Human teeth and bones appear pretty similar, but they are different in many ways. Aside from the fact that they are both regarded as the hardest substances found in the human body, and contrary to popular belief, teeth are not bones.

Teeth and Bones Comparison

(Pixabay / IAOM-US)

This misconception comes from the knowledge that teeth are very strong and appear white much like our bones, and both bones and teeth store calcium. In fact, over 90% of the calcium in our body is found in teeth and bones, with the remaining 1% found in our blood.

To distinguish each from the other, let’s review what bones and teeth are made of.


Teeth are not classified as a living, breathing tissue; instead, they consist of various tissues and substances such as enamel, dentin, cementum, and pulp. Enamel coats the outside of the teeth and is the hardest substance found in the body. It is incapable of regenerating itself in the event of damage, which is the main reason why you have to treat cavities and tooth decay quickly to avoid significant problems. The cementum covers the roots, which are found under the gum line and helps the teeth stay in place. The pulp is the innermost tissue inside of each tooth. It has nerves, connective tissues, and some blood vessels and is surrounded by the dentin.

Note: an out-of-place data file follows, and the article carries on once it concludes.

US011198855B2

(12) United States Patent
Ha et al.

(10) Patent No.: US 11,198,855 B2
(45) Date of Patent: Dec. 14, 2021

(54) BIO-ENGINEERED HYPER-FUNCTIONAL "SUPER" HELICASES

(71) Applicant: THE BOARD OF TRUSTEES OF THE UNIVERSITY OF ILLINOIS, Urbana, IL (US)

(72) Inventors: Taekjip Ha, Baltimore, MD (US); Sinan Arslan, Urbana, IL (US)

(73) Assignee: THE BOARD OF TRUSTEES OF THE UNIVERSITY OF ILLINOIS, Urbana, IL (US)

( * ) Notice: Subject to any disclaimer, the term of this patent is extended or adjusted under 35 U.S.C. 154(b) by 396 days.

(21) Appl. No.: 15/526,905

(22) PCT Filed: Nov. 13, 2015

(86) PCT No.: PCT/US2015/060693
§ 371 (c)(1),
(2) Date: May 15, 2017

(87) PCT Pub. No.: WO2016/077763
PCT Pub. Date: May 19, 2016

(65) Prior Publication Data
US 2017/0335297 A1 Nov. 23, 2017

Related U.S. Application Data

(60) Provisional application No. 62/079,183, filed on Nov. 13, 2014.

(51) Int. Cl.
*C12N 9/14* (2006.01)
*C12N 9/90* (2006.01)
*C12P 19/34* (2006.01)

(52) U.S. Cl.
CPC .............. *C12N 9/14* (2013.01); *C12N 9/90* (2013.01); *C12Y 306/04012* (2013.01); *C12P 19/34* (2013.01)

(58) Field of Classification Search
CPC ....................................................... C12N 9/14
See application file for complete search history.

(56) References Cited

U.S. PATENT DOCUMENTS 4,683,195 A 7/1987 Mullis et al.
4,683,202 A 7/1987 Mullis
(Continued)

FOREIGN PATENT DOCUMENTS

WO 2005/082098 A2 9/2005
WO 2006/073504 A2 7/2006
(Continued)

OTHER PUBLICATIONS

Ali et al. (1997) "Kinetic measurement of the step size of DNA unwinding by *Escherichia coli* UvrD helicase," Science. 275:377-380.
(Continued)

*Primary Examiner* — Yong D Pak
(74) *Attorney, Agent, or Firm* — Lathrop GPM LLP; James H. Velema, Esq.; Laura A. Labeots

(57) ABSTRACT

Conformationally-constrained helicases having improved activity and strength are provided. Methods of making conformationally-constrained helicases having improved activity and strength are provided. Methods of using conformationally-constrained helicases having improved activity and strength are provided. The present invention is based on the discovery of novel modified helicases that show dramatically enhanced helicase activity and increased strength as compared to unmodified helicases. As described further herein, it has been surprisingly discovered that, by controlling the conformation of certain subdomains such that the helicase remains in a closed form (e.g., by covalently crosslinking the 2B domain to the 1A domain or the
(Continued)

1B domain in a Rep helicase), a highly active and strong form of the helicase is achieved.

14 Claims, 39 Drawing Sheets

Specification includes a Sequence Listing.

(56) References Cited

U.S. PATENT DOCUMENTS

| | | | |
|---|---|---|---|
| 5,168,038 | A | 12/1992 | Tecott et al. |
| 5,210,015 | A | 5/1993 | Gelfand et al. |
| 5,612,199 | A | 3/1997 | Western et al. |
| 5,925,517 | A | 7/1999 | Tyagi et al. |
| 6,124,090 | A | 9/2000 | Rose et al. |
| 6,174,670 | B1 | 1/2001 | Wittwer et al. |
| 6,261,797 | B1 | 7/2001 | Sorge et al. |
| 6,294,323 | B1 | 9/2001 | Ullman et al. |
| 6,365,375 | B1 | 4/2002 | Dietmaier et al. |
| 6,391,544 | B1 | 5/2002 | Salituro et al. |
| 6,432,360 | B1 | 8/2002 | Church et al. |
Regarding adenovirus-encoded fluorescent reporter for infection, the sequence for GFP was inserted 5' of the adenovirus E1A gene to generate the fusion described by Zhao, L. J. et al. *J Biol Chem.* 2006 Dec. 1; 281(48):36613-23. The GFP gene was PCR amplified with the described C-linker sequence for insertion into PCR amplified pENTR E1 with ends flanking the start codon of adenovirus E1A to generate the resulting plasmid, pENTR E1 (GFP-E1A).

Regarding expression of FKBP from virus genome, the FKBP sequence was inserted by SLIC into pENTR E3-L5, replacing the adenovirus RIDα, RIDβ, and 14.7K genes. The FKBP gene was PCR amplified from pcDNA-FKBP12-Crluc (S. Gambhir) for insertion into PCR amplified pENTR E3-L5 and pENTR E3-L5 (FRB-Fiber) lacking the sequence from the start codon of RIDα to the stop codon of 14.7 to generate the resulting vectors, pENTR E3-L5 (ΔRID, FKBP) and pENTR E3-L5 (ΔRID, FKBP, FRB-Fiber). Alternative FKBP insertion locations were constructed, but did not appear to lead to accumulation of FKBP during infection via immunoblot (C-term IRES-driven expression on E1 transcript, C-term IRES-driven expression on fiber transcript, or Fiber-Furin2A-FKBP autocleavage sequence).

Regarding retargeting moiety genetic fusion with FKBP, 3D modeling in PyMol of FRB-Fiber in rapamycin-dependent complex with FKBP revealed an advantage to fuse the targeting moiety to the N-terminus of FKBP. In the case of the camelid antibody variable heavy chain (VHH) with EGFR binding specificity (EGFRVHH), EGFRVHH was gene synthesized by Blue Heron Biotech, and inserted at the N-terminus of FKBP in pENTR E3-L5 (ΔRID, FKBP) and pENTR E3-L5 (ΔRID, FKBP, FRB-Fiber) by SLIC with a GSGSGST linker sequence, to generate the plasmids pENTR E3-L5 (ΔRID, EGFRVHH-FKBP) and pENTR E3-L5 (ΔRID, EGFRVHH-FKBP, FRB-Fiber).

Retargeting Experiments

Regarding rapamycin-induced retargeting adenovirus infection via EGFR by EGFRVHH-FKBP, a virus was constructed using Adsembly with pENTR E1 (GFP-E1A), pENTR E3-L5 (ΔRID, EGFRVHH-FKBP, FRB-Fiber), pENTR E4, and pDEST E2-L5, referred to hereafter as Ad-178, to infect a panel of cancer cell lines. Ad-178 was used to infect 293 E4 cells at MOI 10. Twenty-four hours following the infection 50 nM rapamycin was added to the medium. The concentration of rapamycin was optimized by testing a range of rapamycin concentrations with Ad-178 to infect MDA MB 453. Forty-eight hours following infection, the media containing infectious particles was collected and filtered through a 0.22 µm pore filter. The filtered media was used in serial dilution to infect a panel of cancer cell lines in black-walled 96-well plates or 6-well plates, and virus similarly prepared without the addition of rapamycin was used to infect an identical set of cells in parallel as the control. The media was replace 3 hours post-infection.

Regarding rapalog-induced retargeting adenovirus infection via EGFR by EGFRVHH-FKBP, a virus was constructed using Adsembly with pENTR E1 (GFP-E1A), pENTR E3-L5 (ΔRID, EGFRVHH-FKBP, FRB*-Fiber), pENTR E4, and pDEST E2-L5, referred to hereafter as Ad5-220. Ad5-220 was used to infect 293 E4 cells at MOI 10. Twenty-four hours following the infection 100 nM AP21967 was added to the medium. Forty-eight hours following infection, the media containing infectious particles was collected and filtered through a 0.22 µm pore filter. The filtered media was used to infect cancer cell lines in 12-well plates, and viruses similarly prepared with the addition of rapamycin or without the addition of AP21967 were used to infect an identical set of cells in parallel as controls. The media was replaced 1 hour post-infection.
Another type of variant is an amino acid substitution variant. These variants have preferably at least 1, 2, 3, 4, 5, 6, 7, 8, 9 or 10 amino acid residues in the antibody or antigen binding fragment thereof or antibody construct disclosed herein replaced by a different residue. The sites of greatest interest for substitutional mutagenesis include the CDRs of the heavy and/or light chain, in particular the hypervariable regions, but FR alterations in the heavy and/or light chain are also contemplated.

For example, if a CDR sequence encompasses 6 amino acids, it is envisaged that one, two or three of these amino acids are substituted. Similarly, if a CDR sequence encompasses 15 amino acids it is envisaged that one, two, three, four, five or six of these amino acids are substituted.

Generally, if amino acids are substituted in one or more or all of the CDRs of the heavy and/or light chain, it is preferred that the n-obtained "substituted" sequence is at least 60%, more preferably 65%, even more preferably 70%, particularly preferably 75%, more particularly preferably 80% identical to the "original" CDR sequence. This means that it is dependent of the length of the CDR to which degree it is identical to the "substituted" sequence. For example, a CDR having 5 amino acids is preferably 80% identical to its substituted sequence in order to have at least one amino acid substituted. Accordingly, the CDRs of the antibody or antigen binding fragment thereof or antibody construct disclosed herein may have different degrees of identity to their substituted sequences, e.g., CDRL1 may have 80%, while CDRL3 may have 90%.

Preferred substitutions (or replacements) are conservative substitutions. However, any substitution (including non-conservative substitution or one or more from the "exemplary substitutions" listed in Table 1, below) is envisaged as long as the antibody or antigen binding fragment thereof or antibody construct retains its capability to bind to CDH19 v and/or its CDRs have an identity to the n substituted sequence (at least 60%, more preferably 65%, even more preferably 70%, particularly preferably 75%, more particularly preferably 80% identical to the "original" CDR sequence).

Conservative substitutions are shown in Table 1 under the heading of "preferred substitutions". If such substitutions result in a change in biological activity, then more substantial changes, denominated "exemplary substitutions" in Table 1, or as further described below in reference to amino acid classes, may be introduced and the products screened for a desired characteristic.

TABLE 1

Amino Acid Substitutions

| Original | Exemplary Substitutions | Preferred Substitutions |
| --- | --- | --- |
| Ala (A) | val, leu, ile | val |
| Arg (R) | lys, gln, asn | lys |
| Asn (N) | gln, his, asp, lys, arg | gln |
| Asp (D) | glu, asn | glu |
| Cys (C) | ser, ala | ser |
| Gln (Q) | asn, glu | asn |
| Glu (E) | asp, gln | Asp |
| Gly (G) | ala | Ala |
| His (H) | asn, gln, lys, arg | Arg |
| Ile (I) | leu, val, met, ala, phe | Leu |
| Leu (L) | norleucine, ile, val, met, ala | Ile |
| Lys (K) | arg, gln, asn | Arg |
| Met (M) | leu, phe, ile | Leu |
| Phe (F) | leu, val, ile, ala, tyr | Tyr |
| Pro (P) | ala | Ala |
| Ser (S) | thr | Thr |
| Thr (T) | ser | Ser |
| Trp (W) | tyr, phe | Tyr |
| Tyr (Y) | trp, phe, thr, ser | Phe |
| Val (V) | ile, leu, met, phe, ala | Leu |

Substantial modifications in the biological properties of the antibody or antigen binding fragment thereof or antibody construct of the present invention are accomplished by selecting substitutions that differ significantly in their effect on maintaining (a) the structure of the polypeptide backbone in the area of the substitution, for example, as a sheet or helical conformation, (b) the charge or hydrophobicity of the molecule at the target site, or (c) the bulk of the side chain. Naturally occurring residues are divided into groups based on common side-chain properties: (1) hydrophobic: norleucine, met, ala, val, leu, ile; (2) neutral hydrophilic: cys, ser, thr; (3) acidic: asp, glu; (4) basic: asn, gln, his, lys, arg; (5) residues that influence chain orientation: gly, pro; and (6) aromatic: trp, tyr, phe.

The bones are primarily made up of a protein called collagen as well as calcium phosphate. The collagen offers the bone a relatively flexible framework, and the calcium phosphate works to harden the bones and keep them sturdy. Unlike the teeth, bones are made out of living tissues, and they can regenerate. The old bone tissue can be removed and broken down, and then brand new tissue is generated to replace the old tissue. This is the perfect system that keeps bones healthy and strong.

Major Differences – Bones vs. Teeth

One of the most important differences between the bones and the teeth is their ability to heal. Should you break a bone, your body can start healing instantaneously. The soft tissue enveloping the broken bone is made of collagen, which can then regenerate and form hard tissues, or callus, which creates brand new bone tissue.

By and large, broken teeth do not have this capacity for regeneration. As your enamel is not living tissue, it is unable to heal by itself. When your enamel gets chipped or cracked, it will remain that way until your dentist fixes it, or it falls out. In the same vein, if you develop a cavity in your tooth, new enamel will not grow back to fill in the decayed or damaged portion of your teeth. You will have to ask your dentist to help restore it for you.


Although bones and teeth appear to look the same, they are, in fact, very different from each other. While bones can heal and repair, teeth are unable to self-correct. Teeth are far more fragile than bones. That is why you have to observe proper dental hygiene and visit your dentist for regular check-ups to ensure that your teeth are in the best possible condition at all times.